delusion

noun
de·​lu·​sion | \ di-ˈlü-zhən How to pronounce delusion (audio) , dē-\

Definition of delusion

1a : something that is falsely or delusively believed or propagated under the delusion that they will finish on schedule delusions of grandeur
b psychology : a persistent false psychotic belief regarding the self or persons or objects outside the self that is maintained despite indisputable evidence to the contrary the delusion that someone was out to hurt him also : the abnormal state marked by such beliefs
2 : the act of tricking or deceiving someone : the state of being deluded … accused the Bohemian of having practised the most abominable arts of delusion among the younger brethren.— Walter Scott

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Other Words from delusion

delusional \ di-​ˈlüzh-​nəl How to pronounce delusional (audio) , dē-​ , -​ˈlü-​zhə-​nᵊl \ adjective
delusionary \ di-​ˈlü-​zhə-​ˌner-​ē How to pronounce delusionary (audio) , dē-​ \ adjective

Choose the Right Synonym for delusion

delusion, illusion, hallucination, mirage mean something that is believed to be true or real but that is actually false or unreal. delusion implies an inability to distinguish between what is real and what only seems to be real, often as the result of a disordered state of mind. delusions of persecution illusion implies a false ascribing of reality based on what one sees or imagines. an illusion of safety hallucination implies impressions that are the product of disordered senses, as because of mental illness or drugs. suffered from terrifying hallucinations mirage in its extended sense applies to an illusory vision, dream, hope, or aim. claimed a balanced budget is a mirage

Examples of delusion in a Sentence

He has delusions about how much money he can make at that job. He is living under the delusion that he is incapable of making mistakes. She is under the delusion that we will finish on time. As the illness progressed, his delusions took over and he had violent outbursts.
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Recent Examples on the Web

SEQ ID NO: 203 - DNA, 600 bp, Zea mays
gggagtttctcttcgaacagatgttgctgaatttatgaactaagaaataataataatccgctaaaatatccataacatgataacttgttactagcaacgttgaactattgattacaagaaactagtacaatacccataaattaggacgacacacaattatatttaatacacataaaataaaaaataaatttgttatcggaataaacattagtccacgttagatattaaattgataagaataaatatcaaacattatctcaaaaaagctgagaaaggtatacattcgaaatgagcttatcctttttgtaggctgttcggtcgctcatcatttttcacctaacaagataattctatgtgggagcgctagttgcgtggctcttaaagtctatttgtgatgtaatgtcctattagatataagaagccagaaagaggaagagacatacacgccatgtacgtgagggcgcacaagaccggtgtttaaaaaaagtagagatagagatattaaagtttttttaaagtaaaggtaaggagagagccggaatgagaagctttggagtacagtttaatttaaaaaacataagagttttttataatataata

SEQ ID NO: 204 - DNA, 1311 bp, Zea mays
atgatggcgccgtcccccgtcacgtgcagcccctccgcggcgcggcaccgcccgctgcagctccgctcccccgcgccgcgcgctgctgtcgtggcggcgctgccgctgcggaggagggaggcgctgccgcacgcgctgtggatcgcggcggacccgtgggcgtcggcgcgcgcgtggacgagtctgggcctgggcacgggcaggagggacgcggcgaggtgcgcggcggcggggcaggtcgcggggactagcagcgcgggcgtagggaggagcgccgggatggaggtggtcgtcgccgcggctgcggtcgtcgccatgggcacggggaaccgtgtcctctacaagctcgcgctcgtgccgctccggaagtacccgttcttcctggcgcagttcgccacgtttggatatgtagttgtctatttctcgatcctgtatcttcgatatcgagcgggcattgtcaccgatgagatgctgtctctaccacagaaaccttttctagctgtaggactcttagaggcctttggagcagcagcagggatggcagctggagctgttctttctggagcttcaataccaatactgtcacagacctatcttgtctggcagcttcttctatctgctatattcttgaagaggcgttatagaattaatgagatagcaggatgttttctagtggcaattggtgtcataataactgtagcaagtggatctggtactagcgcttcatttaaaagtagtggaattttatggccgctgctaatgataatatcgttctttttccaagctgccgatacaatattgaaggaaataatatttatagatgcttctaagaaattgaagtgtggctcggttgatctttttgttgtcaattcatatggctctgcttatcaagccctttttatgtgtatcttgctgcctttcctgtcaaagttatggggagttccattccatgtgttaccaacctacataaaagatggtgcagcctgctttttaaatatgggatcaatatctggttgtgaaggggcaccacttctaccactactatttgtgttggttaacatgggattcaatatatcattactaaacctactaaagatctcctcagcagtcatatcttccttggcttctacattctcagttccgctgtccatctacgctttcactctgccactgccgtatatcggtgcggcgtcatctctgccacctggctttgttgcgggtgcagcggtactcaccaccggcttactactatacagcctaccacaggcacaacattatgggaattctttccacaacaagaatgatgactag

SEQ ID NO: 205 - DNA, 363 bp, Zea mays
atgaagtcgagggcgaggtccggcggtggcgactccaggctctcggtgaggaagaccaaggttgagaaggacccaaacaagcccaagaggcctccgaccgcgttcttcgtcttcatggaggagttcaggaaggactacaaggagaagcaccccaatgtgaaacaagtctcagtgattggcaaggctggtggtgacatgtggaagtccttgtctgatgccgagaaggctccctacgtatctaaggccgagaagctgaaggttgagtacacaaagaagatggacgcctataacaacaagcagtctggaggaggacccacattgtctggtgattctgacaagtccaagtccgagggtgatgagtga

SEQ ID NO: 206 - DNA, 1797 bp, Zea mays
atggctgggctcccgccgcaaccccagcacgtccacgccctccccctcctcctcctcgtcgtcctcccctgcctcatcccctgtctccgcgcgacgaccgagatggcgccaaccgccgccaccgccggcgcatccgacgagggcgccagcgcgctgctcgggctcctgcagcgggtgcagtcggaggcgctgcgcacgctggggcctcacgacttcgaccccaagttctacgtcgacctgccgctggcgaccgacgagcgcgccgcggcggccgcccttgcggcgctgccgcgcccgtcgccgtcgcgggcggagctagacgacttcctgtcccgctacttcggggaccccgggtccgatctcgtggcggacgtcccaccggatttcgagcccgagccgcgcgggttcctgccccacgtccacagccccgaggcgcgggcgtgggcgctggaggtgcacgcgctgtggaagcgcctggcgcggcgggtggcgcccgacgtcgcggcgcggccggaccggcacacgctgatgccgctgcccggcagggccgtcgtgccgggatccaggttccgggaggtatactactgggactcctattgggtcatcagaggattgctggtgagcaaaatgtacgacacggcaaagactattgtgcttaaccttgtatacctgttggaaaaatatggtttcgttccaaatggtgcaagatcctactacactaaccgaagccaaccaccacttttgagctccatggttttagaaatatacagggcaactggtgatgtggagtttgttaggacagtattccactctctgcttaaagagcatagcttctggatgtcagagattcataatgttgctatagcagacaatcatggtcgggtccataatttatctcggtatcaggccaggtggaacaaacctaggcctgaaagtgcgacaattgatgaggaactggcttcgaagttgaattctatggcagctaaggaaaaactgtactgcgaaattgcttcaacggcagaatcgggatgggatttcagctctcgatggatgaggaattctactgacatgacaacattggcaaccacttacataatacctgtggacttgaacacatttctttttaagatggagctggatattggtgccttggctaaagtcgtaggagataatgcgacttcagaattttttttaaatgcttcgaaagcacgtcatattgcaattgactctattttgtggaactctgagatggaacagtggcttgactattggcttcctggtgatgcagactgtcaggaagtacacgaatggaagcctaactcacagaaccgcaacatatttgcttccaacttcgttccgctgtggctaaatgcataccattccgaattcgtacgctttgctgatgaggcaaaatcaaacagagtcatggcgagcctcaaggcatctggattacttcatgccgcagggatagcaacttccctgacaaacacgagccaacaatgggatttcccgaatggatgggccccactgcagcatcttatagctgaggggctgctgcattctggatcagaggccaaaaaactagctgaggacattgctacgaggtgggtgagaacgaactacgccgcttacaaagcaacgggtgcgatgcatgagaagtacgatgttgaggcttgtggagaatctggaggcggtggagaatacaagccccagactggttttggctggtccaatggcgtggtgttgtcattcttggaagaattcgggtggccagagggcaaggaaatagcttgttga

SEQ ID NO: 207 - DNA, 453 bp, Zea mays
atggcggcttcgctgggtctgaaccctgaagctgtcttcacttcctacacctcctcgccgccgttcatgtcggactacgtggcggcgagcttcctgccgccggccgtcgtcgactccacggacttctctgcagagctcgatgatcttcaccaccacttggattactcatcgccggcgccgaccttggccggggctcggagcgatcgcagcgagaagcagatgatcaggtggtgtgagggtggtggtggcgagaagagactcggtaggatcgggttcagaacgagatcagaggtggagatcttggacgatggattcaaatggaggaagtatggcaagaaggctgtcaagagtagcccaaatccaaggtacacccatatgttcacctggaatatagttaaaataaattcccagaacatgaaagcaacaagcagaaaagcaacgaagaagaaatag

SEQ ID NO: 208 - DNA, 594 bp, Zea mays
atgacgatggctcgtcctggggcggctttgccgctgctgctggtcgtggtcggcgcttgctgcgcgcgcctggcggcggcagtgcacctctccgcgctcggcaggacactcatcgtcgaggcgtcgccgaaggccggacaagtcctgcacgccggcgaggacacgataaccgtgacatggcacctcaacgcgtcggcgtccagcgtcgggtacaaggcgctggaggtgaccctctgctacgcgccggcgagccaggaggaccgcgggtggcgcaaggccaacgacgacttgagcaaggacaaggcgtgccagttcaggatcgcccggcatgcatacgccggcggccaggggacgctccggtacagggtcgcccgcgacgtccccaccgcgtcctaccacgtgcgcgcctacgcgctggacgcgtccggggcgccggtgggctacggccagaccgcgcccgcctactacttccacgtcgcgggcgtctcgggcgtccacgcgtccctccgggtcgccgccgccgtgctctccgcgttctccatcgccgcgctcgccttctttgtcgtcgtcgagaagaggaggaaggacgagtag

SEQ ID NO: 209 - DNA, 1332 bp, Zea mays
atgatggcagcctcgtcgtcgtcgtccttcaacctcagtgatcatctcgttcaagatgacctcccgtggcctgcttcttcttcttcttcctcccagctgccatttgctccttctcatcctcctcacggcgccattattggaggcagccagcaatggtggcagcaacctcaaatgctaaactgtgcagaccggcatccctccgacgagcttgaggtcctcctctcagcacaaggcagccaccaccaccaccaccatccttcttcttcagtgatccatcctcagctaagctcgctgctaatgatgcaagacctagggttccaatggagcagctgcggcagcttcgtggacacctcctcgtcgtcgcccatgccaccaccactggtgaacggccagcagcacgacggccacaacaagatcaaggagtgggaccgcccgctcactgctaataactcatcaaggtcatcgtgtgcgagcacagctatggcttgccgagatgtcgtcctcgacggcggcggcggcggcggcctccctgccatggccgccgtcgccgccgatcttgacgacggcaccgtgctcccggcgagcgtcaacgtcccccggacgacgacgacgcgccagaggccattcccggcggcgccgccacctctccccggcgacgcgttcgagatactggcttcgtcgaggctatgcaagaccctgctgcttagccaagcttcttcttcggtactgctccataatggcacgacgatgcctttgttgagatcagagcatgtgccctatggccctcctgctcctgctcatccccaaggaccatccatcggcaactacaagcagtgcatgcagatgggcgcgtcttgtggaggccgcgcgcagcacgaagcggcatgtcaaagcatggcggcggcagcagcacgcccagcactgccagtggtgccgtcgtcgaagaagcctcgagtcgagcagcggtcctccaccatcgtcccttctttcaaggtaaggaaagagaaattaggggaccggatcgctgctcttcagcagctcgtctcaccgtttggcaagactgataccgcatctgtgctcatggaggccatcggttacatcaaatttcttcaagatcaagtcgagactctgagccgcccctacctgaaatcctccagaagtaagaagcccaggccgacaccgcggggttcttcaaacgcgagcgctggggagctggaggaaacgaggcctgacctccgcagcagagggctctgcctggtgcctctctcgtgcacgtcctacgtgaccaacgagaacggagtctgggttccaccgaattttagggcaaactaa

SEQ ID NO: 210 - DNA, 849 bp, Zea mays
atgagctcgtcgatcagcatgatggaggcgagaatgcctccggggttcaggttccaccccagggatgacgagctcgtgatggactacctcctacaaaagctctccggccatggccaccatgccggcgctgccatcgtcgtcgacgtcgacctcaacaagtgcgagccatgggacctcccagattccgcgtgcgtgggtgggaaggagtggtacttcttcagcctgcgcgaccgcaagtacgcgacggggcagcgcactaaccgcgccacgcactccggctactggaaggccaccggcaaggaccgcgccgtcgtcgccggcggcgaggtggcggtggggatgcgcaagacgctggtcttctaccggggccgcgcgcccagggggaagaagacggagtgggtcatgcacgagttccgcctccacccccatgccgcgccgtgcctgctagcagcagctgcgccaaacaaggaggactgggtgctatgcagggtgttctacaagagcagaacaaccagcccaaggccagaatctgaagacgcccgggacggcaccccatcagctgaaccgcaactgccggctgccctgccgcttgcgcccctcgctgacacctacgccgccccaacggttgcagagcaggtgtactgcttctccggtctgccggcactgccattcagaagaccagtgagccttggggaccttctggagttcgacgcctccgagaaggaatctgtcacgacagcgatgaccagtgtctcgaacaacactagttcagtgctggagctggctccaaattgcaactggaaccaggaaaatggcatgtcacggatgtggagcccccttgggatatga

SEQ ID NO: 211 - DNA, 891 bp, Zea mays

But the notion that any profit earned on Pharma is immoral or antisocial is the product of delusional thinking, the delusion being that drug research is risk-free. Washington Post, "What the Democratic candidates are getting wrong about business," 3 Aug. 2019 Dominique Jackson does an excellent job selling us on the delusion that Electra lives in, and at providing us with this comically bad performance. Stephen Daw, Billboard, "Performing Through Pain: 5 Key Takeaways From 'Pose' Season 2, Episode 6," 24 July 2019 Embedded in this oblivion are both the liberal delusion that people are naturally good and the neoliberal sophistry that the market, like the tide, will raise everyone up with it. Dale Peck, The New Republic, "My Mayor Pete Problem," 12 July 2019 Keller said Sunday that Intel can sustain that delusion, but that smaller transistors will be just one part of how. Tom Simonite, WIRED, "Intel's New Chip Wizard Has a Plan to Bring Back the Magic," 3 July 2019 No treaty, no matter how just or generous, could puncture the utopian delusions that were displacing the political and religious beliefs of entire populations. Joseph Loconte, WSJ, "The Versailles Treaty Gets a Bum Rap," 27 June 2019 The film is a hero’s journey, full of delusion and obsession. Emily Dreyfuss, WIRED, "You Can't Hate San Francisco Unless You Love San Francisco," 7 June 2019 The family knew that Sardy’s mother suffered from delusions, but felt helpless to do anything about it. Nancy Lord, Anchorage Daily News, "Searing account takes readers into one family’s experience of schizophrenia and homelessness in Anchorage," 29 June 2019 Charitable friends from England secured his release, but Brummell spent his final days in a state of severe depression and self-delusion. Ignacio Peyró, National Geographic, "This 19th-century London dandy caused a style revolution," 18 June 2019

These example sentences are selected automatically from various online news sources to reflect current usage of the word 'delusion.' Views expressed in the examples do not represent the opinion of Merriam-Webster or its editors. Send us feedback.

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First Known Use of delusion

15th century, in the meaning defined at sense 2

History and Etymology for delusion

Middle English, from Late Latin delusion-, delusio, from deludere — see delude

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Statistics for delusion

Last Updated

12 Aug 2019

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Time Traveler for delusion

The first known use of delusion was in the 15th century

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More Definitions for delusion

delusion

noun

English Language Learners Definition of delusion

: a belief that is not true : a false idea
: a false idea or belief that is caused by mental illness

delusion

noun
de·​lu·​sion | \ di-ˈlü-zhən How to pronounce delusion (audio) \

Kids Definition of delusion

: a false belief that continues in spite of the facts “You might be laboring under the delusion that the entire … world is impressed with you …”— J. K. Rowling, Goblet of Fire

delusion

noun
de·​lu·​sion | \ di-ˈlü-zhən How to pronounce delusion (audio) \

Medical Definition of delusion

1a : the act of deluding : the state of being deluded
b : an abnormal mental state characterized by the occurrence of psychotic delusions
2 : a false belief regarding the self or persons or objects outside the self that persists despite the facts and occurs in some psychotic states — compare hallucination sense 1, illusion sense 2a

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